to tropical spice gardens, a batik factory and the Straits Quay. Tickets can be bought on-board and you can opt for either a 24- or 48-hour pass, depending on your schedule.
5. Take a taste tour
If you stay at the hotel to eat, you are missing out. Penang is world famous for its street food, found in lively hawker centres or at food carts, many of them clustered in Georgetown. Tuck into a huge assortment of truly delicious dishes originating from the Chinese, Malay and Indian cuisines. Hokkien Mee, noodles in a prawn-based spicy broth, and Char Kway Teow, a dish of flat rice noodles with egg and shrimp, are national dishes, but popular orders for kids are chicken rice or the pancake-like egg dosai. Finish with sweet shaved ice desserts like Ice Kacang or Cendol for a cooling treat.
6. Occupy a street
Unlike Central, there are no yellow umbrellas. There are no cars either. Every Sunday ‘Occupy Beach Street’ legally closes the road to cars to offer activities for families, including street games, face-painting, magic, vintage shopping and, when in season, free durian tasting! There’s plenty to keep young and old amused, but the action happens early so be there from 9am and leave as the sun gets its sizzle on around 11am.
7. Escape at Adventureplay
This mammoth eco-themed adventure park brings together rugged and rustic-looking rope courses, zip-slides, climbing towers and rubber tubing for wannabe wilderness explorers. There’s nothing this comprehensive or spacious in Hong Kong, and as you cross a rope ladder slung between jungle trees, or take a 20-metre free fall, Escape Adventureplay feels like a real departure. Most of the 15 or so activities suit ages six and over, but there’s a tots’ trail and cubs’ playground as well as some caving for littlies. Do go early. Everything happens here in lush grounds but temperatures soar as midday draws near.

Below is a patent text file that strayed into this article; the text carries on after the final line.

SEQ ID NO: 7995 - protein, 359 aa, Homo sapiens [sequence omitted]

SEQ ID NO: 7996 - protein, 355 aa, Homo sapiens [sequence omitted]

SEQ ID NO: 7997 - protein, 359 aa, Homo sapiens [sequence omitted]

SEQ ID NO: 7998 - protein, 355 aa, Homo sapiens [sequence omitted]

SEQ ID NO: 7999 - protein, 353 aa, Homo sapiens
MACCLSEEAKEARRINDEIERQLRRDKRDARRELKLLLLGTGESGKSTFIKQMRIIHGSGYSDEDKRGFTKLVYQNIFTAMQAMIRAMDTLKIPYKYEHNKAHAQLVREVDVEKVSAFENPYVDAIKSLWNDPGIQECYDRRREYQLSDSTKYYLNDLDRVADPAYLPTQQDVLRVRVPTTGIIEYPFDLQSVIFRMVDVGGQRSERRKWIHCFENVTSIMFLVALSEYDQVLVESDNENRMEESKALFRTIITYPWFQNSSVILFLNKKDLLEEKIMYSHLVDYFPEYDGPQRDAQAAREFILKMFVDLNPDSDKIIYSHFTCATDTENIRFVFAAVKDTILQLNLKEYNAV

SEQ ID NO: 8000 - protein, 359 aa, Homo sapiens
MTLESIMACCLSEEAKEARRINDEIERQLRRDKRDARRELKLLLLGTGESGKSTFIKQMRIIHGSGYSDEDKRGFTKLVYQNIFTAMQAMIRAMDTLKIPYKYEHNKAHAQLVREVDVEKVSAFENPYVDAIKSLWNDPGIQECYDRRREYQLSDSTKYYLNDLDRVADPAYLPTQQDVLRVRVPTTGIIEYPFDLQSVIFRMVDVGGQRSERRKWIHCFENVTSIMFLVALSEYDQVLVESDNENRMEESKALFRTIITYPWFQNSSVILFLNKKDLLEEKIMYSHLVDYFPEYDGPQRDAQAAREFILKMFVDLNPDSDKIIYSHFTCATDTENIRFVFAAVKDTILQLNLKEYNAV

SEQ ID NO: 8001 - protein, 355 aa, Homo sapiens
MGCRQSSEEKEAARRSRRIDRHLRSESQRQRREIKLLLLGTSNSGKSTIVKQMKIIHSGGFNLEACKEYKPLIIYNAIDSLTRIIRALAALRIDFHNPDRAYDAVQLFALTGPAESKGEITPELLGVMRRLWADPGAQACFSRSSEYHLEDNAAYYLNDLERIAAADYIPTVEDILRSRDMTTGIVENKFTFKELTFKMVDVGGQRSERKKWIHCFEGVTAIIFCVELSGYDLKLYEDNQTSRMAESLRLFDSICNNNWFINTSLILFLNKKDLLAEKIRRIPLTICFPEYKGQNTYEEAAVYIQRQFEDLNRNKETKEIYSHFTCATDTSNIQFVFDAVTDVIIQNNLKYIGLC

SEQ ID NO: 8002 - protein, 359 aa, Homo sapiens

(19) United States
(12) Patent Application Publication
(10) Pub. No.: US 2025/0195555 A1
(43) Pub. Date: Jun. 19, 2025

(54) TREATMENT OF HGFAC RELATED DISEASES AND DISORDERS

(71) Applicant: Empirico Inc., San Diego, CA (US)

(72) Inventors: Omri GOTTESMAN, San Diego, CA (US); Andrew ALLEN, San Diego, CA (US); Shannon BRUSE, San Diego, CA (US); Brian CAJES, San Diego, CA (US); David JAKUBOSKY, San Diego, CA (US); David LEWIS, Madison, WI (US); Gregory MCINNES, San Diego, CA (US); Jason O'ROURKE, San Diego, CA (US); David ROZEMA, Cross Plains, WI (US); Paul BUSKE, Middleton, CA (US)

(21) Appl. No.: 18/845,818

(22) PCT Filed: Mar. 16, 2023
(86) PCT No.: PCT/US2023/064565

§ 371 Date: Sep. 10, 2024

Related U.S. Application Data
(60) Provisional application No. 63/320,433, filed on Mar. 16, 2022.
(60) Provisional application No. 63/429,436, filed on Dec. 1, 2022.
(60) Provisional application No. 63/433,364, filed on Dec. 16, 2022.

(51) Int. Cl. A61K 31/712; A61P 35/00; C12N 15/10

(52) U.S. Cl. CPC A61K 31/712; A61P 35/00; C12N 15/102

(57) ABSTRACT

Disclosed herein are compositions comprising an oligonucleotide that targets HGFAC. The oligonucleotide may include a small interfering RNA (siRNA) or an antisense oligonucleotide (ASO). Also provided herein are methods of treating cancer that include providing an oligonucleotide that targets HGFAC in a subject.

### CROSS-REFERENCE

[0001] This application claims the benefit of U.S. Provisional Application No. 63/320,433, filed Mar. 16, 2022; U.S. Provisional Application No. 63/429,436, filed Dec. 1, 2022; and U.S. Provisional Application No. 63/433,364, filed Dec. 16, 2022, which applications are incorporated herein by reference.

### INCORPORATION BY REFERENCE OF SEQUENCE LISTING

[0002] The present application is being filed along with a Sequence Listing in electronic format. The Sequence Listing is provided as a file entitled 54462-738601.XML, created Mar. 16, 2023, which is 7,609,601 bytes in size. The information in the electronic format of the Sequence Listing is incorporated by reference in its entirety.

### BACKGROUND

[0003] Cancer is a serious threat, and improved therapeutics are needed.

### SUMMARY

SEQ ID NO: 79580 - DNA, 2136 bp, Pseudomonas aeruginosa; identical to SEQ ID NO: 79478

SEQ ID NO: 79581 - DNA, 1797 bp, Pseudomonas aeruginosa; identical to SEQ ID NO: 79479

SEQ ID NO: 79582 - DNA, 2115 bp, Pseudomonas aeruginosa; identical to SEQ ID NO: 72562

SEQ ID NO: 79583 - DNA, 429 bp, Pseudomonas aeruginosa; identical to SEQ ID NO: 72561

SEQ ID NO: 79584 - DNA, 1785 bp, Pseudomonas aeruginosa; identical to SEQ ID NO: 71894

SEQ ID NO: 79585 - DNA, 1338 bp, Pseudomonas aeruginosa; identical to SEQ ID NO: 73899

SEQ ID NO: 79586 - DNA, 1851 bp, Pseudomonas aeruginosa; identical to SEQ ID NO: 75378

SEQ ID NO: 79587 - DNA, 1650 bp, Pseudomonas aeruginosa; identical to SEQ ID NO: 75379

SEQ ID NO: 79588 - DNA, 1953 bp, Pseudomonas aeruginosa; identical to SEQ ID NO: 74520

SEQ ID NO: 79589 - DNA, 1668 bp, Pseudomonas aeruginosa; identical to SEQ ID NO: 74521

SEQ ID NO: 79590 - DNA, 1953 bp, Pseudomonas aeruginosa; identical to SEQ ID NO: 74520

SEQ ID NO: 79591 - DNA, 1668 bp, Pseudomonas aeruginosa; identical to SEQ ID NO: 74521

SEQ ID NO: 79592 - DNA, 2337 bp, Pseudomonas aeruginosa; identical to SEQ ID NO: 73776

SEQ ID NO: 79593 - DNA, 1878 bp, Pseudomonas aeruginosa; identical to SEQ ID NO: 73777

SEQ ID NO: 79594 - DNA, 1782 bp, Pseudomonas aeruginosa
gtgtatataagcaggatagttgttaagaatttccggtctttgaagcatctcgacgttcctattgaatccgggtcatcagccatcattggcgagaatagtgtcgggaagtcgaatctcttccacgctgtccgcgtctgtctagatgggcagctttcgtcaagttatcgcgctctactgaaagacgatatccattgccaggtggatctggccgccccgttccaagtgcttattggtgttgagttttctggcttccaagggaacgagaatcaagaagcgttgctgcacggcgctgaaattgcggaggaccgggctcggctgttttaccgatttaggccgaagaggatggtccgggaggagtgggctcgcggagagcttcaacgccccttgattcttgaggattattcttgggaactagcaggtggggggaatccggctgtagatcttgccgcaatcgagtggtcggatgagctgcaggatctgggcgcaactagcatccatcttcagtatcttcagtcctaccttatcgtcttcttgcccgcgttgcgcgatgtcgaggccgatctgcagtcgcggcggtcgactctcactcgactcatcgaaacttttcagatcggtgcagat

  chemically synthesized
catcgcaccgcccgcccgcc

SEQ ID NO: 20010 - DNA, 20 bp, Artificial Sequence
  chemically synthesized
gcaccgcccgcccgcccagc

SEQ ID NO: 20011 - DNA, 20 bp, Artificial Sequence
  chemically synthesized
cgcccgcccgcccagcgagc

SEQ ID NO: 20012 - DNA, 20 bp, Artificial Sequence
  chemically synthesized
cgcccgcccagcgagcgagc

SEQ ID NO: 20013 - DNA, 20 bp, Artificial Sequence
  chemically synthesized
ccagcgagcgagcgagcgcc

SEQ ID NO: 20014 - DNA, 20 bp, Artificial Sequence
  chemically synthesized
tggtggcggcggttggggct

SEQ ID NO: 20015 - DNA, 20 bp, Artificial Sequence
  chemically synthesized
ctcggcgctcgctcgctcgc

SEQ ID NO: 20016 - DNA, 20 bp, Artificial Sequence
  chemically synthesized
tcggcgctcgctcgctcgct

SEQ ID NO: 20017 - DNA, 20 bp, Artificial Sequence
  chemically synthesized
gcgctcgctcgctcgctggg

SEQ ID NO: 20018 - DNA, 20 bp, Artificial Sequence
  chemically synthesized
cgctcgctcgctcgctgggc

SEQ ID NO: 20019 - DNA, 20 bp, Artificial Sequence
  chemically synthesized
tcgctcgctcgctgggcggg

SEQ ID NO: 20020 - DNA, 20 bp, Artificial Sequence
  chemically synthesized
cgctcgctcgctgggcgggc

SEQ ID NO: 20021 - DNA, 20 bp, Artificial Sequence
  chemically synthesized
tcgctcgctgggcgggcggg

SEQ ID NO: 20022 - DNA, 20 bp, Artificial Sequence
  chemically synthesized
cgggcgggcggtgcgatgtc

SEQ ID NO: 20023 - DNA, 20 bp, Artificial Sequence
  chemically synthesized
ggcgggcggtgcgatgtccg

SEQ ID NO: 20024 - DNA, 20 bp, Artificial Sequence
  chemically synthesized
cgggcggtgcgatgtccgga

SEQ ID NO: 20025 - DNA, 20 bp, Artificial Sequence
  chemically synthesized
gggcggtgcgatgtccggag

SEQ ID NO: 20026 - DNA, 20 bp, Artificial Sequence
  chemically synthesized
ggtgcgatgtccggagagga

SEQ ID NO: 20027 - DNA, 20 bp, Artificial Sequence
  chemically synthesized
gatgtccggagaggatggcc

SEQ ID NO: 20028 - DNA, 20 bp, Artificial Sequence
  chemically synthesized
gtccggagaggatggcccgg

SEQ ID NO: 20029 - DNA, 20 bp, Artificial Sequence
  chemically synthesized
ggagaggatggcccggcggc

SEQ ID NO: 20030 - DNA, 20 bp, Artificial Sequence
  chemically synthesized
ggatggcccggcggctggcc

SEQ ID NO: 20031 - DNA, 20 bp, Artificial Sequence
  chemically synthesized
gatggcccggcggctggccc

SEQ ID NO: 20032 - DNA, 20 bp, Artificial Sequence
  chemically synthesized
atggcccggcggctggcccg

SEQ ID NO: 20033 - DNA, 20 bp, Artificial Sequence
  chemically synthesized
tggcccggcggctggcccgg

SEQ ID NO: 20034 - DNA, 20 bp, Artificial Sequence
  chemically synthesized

8. Sniff, sprinkle and stir
Little chefs and their parents can try their hands at replicating some of that tempting local cuisine at the Tropical Spice Gardens cooking school, which runs sessions on Malay classics, hawker fare and Indian recipes, or just let your noses do the wandering. There are over 500 types of flora and fauna growing here, some particularly pungent, which can be discovered on day and night tours. The centre is welcoming to children and what better way still to introduce your children to than cooking delicious food. But cooking classes get busy, so make sure you book ahead to avoid any disappointments.
9. Take off!
Kids can let off some steam in the Golden Sands’ Adventure Zone. The playground is open to residents and non-residents, and offers the usual mixture of curling bumpy slides, ball pools and climbing nets as similar parks seen in Hong Kong, but with a much bigger footprint. It’s open until 9pm every day and, thankfully, air-conditioned, so if you are flagging after sightseeing and want to while away a few hours, this is the perfect place.
10. Horse around
Hire a cab and drive along Penang’s west coast to the rural Sungai Burong and the Countryside Stables. Roads dotted with yellow signs lead you to a well-kept ranch housing 28 horses, including some cuter-than-cute miniature breeds. There’s also deer and donkeys to feed beside the horses, and pony-mad kids can take horse rides or go for a spin in a horse-drawn carriage.